Missing Middles
Missing Middles printable sheet
Here are eight sets of dominoes. Each set should have three dominoes that make a sequence.
Which domino would go in the middle of each set to complete the sequence?
How do you know?
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What numbers are at the top of the dominoes?
What number could come between them? Why?
What numbers are at the bottom of the three dominoes?
What number could come between them? Why?
Well done to everybody who had a go at this activity.
Kevin and Aurelius from Kingswood College School in Australia sent in this picture and explanation:
A We chose 4/4 because the numbers are the 2x table.
B We chose 2/3 because the top number 2 comes between 1 and 3 and 3 comes between 2 and 4.
C We chose 3 up the top because it comes between 2 and 4. We chose 5 down the bottom because it comes between 6 and 4.
D We chose 1 because all the top numbers are the same and chose 4 because the bottom numbers are the 2 x table.
E The top numbers are the 1x table going down so we chose 2. The bottom numbers are adding 1 each time.
F The top numbers are going down in 1s. The bottom numbers are going down in 1s.
G We chose 3 because it comes between the 4 and the 2. We chose 5 because it comes between 6 and 4. The numbers are going down in 1s.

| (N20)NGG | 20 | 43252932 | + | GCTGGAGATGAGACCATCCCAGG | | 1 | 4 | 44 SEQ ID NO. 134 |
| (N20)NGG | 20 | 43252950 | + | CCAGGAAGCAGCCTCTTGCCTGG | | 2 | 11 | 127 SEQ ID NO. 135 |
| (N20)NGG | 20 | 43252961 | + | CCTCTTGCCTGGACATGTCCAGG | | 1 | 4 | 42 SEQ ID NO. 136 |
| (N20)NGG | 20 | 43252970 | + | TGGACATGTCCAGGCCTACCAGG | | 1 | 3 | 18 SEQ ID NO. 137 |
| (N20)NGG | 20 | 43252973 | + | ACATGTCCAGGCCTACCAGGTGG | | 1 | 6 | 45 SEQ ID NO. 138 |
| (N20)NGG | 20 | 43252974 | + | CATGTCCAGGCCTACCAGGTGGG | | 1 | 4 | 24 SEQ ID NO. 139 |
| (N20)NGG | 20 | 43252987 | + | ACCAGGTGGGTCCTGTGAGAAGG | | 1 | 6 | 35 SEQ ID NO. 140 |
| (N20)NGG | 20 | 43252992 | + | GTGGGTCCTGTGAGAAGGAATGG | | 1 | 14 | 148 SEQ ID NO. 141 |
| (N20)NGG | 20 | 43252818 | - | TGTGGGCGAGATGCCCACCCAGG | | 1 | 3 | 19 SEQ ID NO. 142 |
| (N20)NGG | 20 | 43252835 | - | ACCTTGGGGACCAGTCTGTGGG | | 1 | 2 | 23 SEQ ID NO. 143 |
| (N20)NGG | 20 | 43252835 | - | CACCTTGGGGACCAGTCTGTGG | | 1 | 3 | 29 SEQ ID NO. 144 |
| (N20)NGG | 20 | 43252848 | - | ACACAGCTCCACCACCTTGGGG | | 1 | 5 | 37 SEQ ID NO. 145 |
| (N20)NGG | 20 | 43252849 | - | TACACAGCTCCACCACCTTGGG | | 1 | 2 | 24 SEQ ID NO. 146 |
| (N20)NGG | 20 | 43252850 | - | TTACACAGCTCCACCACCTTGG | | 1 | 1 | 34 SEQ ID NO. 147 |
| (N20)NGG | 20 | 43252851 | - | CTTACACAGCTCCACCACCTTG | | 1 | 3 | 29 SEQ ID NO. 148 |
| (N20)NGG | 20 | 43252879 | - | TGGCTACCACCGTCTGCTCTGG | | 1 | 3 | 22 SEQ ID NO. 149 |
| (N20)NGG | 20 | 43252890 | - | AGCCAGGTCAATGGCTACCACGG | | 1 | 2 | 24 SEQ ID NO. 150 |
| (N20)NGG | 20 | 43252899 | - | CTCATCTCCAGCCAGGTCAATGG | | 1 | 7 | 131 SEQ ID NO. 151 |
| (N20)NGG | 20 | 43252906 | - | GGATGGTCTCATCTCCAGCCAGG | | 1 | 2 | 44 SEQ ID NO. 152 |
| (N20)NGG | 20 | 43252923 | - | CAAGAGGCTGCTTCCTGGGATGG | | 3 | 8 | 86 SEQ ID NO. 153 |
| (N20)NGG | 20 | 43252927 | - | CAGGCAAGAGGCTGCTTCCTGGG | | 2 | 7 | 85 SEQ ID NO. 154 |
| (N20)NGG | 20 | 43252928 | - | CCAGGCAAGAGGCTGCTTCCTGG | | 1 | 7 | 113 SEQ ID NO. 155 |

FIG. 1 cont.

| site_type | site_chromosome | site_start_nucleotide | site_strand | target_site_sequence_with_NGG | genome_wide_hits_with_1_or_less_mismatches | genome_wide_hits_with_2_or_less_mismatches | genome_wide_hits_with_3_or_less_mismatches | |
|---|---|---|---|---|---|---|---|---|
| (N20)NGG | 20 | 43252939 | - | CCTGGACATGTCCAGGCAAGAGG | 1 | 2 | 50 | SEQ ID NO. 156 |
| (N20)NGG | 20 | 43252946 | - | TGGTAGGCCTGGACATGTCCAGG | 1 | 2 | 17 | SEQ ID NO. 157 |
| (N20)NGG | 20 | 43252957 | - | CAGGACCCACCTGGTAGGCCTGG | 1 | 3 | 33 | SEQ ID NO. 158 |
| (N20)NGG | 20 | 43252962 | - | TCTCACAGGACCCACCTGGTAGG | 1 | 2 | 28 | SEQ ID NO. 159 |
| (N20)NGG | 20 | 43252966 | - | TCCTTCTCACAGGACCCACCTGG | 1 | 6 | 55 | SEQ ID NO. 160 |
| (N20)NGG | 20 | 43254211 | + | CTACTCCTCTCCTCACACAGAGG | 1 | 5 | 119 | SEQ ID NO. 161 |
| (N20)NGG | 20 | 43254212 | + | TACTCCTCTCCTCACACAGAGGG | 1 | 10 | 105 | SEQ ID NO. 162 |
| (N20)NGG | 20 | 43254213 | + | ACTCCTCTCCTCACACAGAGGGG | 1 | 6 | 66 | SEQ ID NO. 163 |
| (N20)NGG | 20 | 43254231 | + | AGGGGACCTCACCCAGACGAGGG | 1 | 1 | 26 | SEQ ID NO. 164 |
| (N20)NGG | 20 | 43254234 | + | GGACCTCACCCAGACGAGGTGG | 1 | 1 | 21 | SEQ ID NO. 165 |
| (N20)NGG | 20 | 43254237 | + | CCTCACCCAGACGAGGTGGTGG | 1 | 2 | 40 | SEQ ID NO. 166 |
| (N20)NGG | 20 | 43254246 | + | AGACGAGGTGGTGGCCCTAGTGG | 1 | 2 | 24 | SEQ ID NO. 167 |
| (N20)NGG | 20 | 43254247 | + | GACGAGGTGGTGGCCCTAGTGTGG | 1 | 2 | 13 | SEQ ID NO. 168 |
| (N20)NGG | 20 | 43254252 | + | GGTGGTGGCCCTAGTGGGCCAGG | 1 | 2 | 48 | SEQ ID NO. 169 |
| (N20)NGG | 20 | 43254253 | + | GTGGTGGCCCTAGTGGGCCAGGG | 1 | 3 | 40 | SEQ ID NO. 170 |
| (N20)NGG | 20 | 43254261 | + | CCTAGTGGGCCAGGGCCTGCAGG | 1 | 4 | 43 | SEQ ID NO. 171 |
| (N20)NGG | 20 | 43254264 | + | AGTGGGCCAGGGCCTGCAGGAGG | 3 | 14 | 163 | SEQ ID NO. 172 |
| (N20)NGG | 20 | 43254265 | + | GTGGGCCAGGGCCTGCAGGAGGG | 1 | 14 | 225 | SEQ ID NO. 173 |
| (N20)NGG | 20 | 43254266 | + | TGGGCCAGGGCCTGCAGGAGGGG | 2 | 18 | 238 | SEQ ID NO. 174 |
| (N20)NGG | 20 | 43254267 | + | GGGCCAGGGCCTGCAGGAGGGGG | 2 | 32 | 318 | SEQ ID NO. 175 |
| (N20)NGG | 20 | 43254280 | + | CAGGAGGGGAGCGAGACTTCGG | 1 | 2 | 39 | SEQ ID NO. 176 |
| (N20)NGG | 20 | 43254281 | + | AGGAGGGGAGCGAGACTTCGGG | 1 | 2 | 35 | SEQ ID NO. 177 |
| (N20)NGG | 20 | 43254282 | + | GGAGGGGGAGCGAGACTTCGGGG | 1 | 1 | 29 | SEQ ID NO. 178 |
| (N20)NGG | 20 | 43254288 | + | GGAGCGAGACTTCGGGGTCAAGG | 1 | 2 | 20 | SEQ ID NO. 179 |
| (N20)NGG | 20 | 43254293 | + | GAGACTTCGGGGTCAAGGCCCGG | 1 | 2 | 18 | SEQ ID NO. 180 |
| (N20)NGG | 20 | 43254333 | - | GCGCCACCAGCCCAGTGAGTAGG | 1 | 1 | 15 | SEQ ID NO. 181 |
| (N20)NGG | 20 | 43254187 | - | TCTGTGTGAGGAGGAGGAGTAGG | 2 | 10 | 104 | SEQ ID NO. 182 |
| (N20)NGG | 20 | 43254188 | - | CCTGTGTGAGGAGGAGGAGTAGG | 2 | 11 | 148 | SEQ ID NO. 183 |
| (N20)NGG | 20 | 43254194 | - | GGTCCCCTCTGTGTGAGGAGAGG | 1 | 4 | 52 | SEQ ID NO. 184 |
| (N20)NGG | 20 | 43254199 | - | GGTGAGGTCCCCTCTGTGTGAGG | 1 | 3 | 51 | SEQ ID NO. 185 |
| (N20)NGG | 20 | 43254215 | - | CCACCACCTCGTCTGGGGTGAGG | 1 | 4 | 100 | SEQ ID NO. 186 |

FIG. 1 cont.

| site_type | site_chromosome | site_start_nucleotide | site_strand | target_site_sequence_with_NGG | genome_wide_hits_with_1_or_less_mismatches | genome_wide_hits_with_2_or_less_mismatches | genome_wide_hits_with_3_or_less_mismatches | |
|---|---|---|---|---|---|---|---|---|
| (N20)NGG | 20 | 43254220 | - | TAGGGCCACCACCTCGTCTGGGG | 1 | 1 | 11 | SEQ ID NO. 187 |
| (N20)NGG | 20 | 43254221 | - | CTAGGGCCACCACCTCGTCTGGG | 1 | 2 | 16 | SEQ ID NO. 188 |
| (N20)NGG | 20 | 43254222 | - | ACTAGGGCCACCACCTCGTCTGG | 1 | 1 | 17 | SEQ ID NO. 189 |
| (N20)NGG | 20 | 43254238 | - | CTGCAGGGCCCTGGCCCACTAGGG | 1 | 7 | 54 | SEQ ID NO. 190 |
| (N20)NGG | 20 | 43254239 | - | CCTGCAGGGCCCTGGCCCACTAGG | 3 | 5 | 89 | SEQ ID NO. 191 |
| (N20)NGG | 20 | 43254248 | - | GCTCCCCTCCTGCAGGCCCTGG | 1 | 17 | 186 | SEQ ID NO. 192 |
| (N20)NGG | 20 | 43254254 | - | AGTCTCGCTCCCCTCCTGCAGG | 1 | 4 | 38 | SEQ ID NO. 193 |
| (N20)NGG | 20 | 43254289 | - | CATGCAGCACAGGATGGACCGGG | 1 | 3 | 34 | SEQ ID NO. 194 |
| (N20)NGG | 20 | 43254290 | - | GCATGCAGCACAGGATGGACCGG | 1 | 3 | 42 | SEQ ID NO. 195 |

H We chose 2 because the top numbers are going down in 1s and we chose 4 because it the bottom numbers are going down by 2s.
Well done to both of you for sending in these very clear explanations!
I wonder if there are any other possible solutions? If you've found anything different, please let us know by emailing us with your ideas.
Why do this problem?
This problem uses the idea of number sequences in a very tangible form. Children will be challenged to recognise odd and even numbers, as well as to count fluently both backwards and forwards. They will also have opportunities to justify their answers.
Possible approach
Key questions
What numbers are at the top/bottom?
What number might come between these two? How do you know?
Possible support
The activities Next Domino and Domino Sequences would be good precursors to this task as they invite learners to extend sequences as opposed to completing the middle of a sequence. Having a set of real dominoes that can be manipulated makes the problem less abstract. You could encourage learners to start with just the 'tops' of the dominoes, then look at the 'bottoms'. Children will benefit from saying the numbers in the sequence out loud to reinforce the familiar counting patterns.
Possible extension
Children could work in pairs inventing domino sequences of their own. A set of 9spot dominoes would be very useful so that longer and more complicated sequences can be made. Always expect the children to be able to justify the dominoes they have chosen. A set of 9spot dominoes can be found on our printable resources page.